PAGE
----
A heavy school bag and bad posture could lead to scoliosis, or curvature of the spine, and the progression rate is especially fast during childhood and adolescence. Doctors say that girls are more likely to develop scoliosis than boys because girls grow faster. Besides a sore waist and an aching back, scoliosis could have a negative effect on cardiopulmonary function. In cases of severe scoliosis, surgery is necessary.
Lo Hao-ju, a doctor in the orthopedics department of Taipei City Hospital’s Renai branch, says that the causes of scoliosis have yet to be discovered, but bad posture and carrying an overweight school bag are possible contributory factors. X-rays are usually taken to assess the degrees of spinal curvature: less than 20° is considered mild; between 20° to 45° is considered moderate; and greater than 45° is considered severe.
Scoliosis can lead to humpback or uneven shoulders. Given that scoliosis causes long-term imbalance in muscle development, children with scoliosis often complain of back pain, and when they reach old age, they are likely to fall victim to sciatica. In severe scoliosis, the deformities may put pressure on a patient’s lungs and heart, thus affecting their respiratory and cardiovascular systems or even disrupt the patient’s ability to move and affect their quality of life.
Wu Chun-chieh, a doctor in the physical rehabilitation department at Taipei City Hospital’s Zhongxing branch, says that most scoliosis cases are S-shaped, with one half of the curve to the left, and the other half to the right. Simply correcting one’s everyday posture is usually sufficient for people with mild scoliosis. People with moderate curvature are required to do rehabilitation exercises to improve muscle strength or to wear a brace to correct the deformity. Severe scoliosis requires surgery — a major operation with potential risks involved — to correct the disorder. If the curve progresses by 5° or more per year, surgery is recommended.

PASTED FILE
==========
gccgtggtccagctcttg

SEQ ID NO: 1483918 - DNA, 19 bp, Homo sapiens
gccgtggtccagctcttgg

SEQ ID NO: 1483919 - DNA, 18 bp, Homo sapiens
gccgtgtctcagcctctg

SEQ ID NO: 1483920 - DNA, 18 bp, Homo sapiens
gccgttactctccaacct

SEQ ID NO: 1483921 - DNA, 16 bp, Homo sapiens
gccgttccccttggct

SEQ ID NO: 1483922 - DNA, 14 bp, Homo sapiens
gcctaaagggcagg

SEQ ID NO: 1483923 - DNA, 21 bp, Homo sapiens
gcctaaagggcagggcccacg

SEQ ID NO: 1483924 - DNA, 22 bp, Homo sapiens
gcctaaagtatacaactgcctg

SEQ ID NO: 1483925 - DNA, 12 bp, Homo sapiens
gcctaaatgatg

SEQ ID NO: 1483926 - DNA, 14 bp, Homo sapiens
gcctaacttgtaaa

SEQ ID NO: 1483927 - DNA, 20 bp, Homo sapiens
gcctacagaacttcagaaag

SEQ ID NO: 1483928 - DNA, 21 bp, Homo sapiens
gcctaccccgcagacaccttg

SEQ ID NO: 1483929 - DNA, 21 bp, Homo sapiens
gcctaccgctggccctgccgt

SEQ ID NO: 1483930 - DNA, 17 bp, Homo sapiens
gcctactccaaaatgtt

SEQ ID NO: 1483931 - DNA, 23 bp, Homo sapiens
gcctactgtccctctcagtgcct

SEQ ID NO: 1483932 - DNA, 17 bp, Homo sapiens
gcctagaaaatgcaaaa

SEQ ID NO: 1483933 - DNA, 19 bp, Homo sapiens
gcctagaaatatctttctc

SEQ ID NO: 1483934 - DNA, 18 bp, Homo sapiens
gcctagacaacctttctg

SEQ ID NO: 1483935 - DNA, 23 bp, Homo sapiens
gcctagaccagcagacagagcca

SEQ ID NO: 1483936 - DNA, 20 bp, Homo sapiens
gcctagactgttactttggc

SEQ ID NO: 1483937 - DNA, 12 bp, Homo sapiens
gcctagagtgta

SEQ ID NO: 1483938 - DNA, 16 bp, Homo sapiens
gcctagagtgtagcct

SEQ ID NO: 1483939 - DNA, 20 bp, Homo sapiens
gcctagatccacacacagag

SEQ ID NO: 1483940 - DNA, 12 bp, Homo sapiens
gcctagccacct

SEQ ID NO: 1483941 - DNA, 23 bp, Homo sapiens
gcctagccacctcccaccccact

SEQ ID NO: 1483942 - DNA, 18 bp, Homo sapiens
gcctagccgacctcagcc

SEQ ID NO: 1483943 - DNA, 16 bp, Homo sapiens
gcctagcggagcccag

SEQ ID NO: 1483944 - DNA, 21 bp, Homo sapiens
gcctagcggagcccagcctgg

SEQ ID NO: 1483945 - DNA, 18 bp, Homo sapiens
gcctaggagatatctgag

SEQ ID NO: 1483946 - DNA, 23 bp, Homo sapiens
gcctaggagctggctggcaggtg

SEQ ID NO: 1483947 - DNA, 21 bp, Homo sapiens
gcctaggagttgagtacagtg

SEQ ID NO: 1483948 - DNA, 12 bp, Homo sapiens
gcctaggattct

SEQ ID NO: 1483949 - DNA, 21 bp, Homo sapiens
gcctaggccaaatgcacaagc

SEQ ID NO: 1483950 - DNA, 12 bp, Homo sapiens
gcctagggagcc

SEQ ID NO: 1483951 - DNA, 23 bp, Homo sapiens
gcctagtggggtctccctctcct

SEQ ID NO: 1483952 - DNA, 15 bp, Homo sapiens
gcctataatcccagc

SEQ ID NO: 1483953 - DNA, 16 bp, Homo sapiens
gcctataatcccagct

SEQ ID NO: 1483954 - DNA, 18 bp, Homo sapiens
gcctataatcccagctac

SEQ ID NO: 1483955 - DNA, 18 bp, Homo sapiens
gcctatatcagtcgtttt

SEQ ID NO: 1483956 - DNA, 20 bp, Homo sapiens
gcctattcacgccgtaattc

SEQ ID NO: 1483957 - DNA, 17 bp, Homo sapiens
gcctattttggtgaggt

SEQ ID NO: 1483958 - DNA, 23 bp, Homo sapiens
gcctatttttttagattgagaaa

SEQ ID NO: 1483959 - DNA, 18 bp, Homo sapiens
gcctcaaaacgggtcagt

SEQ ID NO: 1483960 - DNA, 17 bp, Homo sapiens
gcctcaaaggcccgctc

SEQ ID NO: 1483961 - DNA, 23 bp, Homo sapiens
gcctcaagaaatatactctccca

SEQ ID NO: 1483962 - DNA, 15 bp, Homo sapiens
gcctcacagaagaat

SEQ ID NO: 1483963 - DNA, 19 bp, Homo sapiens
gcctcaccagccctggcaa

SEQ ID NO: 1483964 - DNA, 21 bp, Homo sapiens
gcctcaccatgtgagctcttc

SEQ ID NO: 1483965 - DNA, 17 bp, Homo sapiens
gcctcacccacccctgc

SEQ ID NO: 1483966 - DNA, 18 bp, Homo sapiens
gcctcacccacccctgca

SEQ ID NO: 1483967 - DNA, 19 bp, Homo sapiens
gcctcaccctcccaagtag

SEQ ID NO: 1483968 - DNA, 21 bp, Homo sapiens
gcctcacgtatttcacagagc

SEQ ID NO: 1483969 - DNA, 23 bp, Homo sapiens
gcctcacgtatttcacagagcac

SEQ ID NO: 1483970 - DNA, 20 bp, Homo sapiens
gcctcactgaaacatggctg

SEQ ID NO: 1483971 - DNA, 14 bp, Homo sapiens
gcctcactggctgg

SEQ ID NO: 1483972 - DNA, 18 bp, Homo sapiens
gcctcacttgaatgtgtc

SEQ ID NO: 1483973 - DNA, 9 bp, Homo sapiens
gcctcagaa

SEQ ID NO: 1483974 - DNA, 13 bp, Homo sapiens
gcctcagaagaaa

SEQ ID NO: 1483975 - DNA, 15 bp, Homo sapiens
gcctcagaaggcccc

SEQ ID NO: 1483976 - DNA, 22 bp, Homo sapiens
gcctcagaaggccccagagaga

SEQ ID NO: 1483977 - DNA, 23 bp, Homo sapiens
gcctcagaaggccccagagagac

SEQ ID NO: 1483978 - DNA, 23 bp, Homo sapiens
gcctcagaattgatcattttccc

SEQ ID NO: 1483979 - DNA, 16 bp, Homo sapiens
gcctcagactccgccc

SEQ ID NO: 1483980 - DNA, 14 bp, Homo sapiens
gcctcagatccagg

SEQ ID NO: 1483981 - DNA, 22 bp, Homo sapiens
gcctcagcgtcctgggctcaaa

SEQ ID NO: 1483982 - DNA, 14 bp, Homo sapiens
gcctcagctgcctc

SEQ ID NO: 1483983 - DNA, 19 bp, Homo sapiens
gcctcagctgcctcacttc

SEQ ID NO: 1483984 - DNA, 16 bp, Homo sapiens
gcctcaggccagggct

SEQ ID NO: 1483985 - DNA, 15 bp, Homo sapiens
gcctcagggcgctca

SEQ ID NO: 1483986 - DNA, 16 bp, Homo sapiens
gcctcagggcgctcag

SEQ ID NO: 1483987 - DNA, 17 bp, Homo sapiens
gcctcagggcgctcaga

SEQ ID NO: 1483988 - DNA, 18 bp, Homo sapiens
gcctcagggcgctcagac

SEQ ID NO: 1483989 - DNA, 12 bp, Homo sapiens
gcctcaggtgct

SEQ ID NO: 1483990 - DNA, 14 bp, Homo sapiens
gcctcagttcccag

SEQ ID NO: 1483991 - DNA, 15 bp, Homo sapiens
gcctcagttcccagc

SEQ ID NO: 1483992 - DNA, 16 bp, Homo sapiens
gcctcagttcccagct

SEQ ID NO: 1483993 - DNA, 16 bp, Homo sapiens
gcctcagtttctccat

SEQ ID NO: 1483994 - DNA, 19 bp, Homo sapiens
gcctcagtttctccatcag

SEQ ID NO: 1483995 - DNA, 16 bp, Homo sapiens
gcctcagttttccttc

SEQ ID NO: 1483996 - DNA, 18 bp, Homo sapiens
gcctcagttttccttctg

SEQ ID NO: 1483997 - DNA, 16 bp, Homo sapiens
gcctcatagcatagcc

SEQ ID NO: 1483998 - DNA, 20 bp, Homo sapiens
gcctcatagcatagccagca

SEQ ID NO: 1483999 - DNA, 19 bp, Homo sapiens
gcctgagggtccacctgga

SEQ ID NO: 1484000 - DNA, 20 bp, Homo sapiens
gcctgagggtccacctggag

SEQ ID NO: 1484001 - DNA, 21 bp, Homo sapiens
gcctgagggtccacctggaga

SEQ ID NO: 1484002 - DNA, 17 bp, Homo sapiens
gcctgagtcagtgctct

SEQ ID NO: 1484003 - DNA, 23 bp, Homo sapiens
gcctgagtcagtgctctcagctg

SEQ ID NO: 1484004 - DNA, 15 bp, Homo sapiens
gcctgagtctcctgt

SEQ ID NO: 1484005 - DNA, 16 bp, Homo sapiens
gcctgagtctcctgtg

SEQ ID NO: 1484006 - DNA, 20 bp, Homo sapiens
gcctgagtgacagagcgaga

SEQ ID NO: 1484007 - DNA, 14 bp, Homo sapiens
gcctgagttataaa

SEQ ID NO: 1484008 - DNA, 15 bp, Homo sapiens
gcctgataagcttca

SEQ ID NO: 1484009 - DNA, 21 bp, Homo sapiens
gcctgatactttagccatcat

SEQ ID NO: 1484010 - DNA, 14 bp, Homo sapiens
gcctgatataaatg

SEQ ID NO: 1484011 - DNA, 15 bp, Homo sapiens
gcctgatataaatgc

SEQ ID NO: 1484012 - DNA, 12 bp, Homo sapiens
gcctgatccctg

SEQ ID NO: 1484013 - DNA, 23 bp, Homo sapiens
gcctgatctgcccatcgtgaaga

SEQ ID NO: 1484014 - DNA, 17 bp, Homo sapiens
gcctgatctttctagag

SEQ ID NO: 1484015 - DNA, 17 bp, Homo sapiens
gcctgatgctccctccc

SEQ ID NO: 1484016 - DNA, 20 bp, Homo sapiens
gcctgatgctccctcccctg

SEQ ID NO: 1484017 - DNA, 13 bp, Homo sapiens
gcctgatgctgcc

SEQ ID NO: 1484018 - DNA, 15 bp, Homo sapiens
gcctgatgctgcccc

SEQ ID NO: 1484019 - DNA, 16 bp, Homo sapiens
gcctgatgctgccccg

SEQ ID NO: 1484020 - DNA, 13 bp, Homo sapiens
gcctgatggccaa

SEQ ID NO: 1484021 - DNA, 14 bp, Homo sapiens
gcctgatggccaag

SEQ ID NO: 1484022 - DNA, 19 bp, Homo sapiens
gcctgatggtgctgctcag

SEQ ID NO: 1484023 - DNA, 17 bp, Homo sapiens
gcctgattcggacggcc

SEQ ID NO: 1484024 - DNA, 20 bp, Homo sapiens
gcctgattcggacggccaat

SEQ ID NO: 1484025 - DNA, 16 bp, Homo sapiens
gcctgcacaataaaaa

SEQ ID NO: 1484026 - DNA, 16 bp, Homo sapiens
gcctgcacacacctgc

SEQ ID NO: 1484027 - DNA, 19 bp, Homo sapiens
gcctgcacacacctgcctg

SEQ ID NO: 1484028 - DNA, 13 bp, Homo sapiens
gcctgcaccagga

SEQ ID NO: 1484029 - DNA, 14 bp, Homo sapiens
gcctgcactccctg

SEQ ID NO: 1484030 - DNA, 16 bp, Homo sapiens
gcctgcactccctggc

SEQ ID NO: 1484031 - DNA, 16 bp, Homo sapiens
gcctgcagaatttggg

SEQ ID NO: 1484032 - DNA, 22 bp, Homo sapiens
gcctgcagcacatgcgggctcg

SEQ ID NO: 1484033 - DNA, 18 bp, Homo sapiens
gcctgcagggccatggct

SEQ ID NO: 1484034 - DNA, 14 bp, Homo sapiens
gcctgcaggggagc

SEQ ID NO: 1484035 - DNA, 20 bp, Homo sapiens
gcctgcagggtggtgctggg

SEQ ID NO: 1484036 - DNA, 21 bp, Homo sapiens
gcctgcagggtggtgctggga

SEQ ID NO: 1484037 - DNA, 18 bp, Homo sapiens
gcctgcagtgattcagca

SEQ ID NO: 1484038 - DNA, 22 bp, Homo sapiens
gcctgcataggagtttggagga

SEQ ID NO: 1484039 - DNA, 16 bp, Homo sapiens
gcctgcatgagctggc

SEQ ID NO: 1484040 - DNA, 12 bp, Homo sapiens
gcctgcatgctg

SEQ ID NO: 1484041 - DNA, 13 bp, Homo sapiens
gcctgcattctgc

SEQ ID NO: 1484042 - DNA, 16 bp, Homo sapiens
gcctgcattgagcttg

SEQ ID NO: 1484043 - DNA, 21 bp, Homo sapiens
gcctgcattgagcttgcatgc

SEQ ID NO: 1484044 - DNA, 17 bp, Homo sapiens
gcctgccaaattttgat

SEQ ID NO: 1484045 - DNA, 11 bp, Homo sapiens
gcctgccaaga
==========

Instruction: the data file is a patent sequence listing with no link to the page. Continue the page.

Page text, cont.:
Kao Mu-jung, head of the rehabilitation department of Taipei City Hospital, says that an average of 10 percent of school-aged children could potentially develop scoliosis. As they enter adolescence, the curvature may progress more rapidly to show symptoms. A comprehensive health exam at school could help alert parents to the condition in their children at an early stage. If scoliosis is suspected, people can go to a hospital for a professional follow-up and rehabilitation exercises to improve the condition.
(Liberty Times, Translated by Lin Ya-ti)